In contrast to the extensive molecular and functional characterization of blood vascular cells, little is known about the mechanisms that regulate the formation and lineage specific differentiation of lymphatic vascular cells. Research on the developmental origins of the lymphatic vasculature highlighted the homeobox gene PROX1 as a master regulator of lymphatic fate and function. Recent lineage tracing experiments of lymphatic endothelial cells (LECs) have revealed novel signaling mechanisms that regulate lymphatic differentiation during development. During development, molecular markers dictate organ laterality and are essential for organ morphogenesis and function. Other studies have shown that the LECs are heterogenous and specify a detailed fate map of the lymphatic vasculature. The heterogeneity and specialization of LECs depending on their origin within the body suggesting that this diversity contributes organ-specific programs. Intestinal lymphatics (lacteals) play a key role as a signaling hub to regulate intestinal stem cell development and activity.

Novel animal models for studying lymphatic valve formation and the signaling axis responsible for lymphatic button formation have improved the understanding of the development and function of the lymphatic system. Molecular mechanisms regulating lymphatic cell fate and function, organ morphogenesis, and lymphangiogenesis, including lymphatic valve and button junction development, are essential to understanding development of the lymphatic system, as well as targeting novel therapeutics for diseases such as non-alcoholic fatty liver disease, obesity, metabolic syndrome, lymphedema, inflammatory bowel disease (IBD), and ischemic heart disease.

Lymphatics in Inflammation, Gastrointestinal System Diseases and Lymphatic Dysfunction Diseases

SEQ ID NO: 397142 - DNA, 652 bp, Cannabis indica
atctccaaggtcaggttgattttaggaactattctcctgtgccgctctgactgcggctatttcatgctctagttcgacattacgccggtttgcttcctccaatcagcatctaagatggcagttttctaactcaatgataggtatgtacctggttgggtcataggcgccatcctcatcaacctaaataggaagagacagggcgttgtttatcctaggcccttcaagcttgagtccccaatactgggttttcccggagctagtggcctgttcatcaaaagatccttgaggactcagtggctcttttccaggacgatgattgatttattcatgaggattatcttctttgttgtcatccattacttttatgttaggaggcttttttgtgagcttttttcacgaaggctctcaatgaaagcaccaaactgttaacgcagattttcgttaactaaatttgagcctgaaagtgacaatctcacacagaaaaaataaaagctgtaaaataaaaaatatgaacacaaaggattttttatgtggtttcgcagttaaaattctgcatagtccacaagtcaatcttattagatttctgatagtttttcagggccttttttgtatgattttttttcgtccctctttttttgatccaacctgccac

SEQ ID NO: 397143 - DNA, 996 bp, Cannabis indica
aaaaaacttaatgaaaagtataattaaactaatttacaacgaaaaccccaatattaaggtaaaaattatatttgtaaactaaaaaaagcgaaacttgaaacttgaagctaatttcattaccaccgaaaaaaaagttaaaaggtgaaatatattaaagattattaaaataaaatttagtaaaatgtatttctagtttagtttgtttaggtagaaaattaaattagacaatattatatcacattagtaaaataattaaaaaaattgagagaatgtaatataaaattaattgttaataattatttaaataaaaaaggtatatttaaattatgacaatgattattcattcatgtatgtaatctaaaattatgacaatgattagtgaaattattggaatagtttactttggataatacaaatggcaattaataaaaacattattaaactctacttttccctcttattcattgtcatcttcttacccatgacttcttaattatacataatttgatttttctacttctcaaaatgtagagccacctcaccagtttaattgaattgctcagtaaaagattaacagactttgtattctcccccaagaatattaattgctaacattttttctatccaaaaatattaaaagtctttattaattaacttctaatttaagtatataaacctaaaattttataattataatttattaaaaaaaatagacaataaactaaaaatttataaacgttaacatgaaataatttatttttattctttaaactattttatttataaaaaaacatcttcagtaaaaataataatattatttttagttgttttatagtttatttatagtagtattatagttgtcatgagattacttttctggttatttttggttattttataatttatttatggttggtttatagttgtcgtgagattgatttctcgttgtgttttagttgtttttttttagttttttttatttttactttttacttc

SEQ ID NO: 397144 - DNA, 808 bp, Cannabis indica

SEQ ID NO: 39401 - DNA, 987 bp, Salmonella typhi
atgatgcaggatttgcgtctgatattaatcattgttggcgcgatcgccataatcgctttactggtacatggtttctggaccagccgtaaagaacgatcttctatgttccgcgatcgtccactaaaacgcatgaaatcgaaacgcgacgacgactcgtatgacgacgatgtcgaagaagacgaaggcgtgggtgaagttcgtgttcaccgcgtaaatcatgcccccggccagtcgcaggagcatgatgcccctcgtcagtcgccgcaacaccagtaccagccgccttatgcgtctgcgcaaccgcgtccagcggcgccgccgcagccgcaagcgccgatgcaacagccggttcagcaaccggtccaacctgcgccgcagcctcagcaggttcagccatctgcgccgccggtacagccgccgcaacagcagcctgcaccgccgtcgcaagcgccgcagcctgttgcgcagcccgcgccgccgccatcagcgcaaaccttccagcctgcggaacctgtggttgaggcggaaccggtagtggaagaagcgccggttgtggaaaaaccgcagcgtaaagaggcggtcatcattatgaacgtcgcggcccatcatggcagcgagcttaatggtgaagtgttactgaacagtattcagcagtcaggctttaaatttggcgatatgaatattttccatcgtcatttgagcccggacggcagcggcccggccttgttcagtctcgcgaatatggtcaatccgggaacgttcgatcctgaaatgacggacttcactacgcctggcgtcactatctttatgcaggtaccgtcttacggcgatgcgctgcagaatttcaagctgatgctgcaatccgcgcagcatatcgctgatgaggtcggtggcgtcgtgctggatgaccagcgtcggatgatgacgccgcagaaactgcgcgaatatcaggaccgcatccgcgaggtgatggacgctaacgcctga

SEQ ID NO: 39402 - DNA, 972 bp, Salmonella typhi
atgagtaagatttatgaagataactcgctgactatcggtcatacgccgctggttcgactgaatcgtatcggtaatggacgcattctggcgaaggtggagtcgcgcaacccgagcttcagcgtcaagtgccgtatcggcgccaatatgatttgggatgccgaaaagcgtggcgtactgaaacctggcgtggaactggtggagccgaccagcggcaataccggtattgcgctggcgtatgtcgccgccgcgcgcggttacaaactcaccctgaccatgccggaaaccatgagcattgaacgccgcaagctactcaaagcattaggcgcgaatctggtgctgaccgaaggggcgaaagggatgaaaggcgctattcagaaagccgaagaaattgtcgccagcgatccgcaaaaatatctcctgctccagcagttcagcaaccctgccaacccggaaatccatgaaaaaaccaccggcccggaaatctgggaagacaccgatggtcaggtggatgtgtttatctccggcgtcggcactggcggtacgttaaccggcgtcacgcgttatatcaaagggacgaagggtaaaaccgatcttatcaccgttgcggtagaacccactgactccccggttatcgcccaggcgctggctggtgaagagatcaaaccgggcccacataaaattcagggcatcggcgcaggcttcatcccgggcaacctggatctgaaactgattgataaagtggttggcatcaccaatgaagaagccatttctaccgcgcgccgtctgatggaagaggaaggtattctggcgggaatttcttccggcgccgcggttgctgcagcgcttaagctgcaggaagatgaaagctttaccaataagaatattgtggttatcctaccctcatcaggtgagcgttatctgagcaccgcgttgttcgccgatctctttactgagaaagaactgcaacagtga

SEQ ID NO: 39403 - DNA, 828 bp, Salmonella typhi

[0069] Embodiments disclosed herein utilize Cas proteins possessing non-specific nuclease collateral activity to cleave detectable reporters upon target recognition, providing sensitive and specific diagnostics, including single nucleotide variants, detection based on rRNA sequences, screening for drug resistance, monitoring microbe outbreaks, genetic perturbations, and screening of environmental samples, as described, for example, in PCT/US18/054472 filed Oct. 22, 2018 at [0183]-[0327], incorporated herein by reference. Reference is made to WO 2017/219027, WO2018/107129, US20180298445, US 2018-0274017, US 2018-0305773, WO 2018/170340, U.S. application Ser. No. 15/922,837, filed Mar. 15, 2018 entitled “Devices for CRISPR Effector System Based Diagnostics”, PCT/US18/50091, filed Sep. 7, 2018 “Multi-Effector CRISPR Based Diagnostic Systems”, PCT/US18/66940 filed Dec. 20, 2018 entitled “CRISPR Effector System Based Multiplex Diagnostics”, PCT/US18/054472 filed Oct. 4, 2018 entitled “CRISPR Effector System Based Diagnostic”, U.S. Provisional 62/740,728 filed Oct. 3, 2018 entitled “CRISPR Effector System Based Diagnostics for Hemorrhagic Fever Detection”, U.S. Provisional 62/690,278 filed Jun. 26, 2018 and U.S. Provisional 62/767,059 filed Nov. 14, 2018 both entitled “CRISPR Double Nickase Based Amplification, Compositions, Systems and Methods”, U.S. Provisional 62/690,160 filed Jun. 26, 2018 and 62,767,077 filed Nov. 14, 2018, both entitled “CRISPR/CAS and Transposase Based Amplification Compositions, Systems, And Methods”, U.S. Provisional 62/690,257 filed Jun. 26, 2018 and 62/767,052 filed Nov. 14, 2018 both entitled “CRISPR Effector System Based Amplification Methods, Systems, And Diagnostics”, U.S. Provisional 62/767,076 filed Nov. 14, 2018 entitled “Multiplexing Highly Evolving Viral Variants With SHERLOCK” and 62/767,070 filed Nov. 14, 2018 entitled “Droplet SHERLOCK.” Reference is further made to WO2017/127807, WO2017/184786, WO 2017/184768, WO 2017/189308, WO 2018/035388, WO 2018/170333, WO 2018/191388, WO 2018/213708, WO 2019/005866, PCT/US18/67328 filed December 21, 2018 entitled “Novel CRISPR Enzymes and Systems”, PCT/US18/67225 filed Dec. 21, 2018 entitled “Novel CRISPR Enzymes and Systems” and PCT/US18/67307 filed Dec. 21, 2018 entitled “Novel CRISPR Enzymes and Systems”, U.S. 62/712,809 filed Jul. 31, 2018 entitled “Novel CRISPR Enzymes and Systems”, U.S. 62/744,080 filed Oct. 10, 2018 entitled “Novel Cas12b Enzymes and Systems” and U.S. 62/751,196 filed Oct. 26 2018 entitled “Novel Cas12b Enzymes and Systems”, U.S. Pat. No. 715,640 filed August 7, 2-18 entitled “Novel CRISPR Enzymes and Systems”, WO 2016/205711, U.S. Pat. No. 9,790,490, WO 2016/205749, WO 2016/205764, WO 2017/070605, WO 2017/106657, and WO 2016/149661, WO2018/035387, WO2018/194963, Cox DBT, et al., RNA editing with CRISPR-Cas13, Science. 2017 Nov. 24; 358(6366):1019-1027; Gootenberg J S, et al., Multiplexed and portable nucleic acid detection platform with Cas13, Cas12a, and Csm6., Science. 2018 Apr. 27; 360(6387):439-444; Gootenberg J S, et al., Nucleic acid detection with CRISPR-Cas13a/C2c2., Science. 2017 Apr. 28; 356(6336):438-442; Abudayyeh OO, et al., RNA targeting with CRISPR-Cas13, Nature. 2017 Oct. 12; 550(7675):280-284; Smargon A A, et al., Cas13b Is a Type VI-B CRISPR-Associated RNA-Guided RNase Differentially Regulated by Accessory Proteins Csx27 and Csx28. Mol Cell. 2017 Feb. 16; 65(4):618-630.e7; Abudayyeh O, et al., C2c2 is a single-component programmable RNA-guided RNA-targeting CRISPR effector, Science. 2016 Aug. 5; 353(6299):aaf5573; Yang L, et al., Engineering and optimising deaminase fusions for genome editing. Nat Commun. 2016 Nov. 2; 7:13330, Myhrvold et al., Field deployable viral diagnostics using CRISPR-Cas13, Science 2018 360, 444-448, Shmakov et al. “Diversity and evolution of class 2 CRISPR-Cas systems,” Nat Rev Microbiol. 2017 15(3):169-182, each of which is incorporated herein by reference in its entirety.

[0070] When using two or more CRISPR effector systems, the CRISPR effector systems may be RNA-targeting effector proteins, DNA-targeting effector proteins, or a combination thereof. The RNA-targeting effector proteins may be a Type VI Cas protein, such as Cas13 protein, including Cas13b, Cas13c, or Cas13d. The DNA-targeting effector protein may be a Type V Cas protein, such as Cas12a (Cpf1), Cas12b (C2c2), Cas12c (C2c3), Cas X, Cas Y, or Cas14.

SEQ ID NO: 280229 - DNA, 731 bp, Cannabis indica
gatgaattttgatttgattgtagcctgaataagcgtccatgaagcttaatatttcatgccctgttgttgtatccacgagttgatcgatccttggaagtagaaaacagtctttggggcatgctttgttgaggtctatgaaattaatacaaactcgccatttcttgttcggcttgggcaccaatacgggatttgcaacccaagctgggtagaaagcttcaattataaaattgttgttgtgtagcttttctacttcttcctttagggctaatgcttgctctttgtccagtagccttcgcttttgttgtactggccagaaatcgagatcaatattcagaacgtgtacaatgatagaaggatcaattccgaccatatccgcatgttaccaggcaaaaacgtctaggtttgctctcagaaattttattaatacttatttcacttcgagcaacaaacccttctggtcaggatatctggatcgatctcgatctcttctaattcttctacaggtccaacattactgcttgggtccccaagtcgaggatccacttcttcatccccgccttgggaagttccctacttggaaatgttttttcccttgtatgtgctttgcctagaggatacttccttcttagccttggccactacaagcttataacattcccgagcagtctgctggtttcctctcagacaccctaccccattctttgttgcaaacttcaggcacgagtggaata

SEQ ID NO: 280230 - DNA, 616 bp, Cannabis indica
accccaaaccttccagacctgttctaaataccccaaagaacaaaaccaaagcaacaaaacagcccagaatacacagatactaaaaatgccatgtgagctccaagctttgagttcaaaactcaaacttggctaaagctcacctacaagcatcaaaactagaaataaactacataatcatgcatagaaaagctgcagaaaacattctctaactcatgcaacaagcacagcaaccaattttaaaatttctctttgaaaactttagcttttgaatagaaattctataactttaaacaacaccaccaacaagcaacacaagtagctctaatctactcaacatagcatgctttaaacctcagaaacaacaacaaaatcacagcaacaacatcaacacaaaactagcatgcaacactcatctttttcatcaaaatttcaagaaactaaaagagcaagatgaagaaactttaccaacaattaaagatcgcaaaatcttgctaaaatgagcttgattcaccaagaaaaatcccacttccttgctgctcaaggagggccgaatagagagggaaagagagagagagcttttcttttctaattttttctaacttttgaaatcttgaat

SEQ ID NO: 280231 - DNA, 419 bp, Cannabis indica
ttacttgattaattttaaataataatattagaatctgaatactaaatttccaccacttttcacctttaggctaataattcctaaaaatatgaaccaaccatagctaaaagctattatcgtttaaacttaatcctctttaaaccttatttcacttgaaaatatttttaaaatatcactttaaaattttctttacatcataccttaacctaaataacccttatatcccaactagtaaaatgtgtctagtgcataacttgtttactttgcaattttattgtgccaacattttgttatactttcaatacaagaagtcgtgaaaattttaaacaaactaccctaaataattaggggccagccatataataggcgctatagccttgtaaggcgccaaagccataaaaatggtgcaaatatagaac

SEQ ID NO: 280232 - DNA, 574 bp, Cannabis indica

About 70% of the total lymph formed in the body originates in the small intestine and the liver. Defects in gastrointestinal (GI) lymphatic development and lymphatic pump function, as well as lymphatic obstruction, result in various forms of GI pathology. Lymphatic dysfunction has been implicated in many disease states such as obesity, metabolic syndrome, IBD, liver fibrosis, cirrhosis, atherosclerosis, myocardial infarction, hypertension, kidney disease, and cardiovascular disorders. The lymphatic vasculature plays a key role in maintaining intestinal function. Button and zipper junctions of the lacteals are important for interstitial fluid drainage repair, immune cell migration, dietary lipid transport, and oral tolerance. Impairment to lymphatic vessel integrity and lymphatic valve stiffening may contribute to obesity and risk of type 2 diabetes. Inflammatory lymphangiogenesis is observed in various liver diseases, including liver fibrosis. Additionally, gut-draining lymph nodes across the gastrointestinal tract are phenotypically and functionally distinct and are essential for mounting immune response to various infections, including intestinal helminths.

Similarly, rheumatoid arthritis, kidney disease, and lymphatic malformations, like Kaposiform lymphangiomatosis and Gorham-Stout disease, also display evidence of impaired lymphatic function. Genetic mutations, altered signaling pathways, and inflammation are associated with these disease conditions. Identification of biomarkers and development of better imaging modalities are essential for improving the diagnosis and development of targeted therapeutics.


The pathophysiology of lymphedema is complex and is characterized by inflammation and fibrosis. Additional complications such as recurrent skin and soft tissue infections arise due to impaired immune function and possibly from alterations in skin barrier function. Anti-inflammatory and anti-fibrotic approaches may be helpful for treating patients with lymphedema. Ongoing clinical trials have shown modest changes in limb volume, suggesting that additional study is needed. Nevertheless, early results in clinical trials and preclinical studies are encouraging.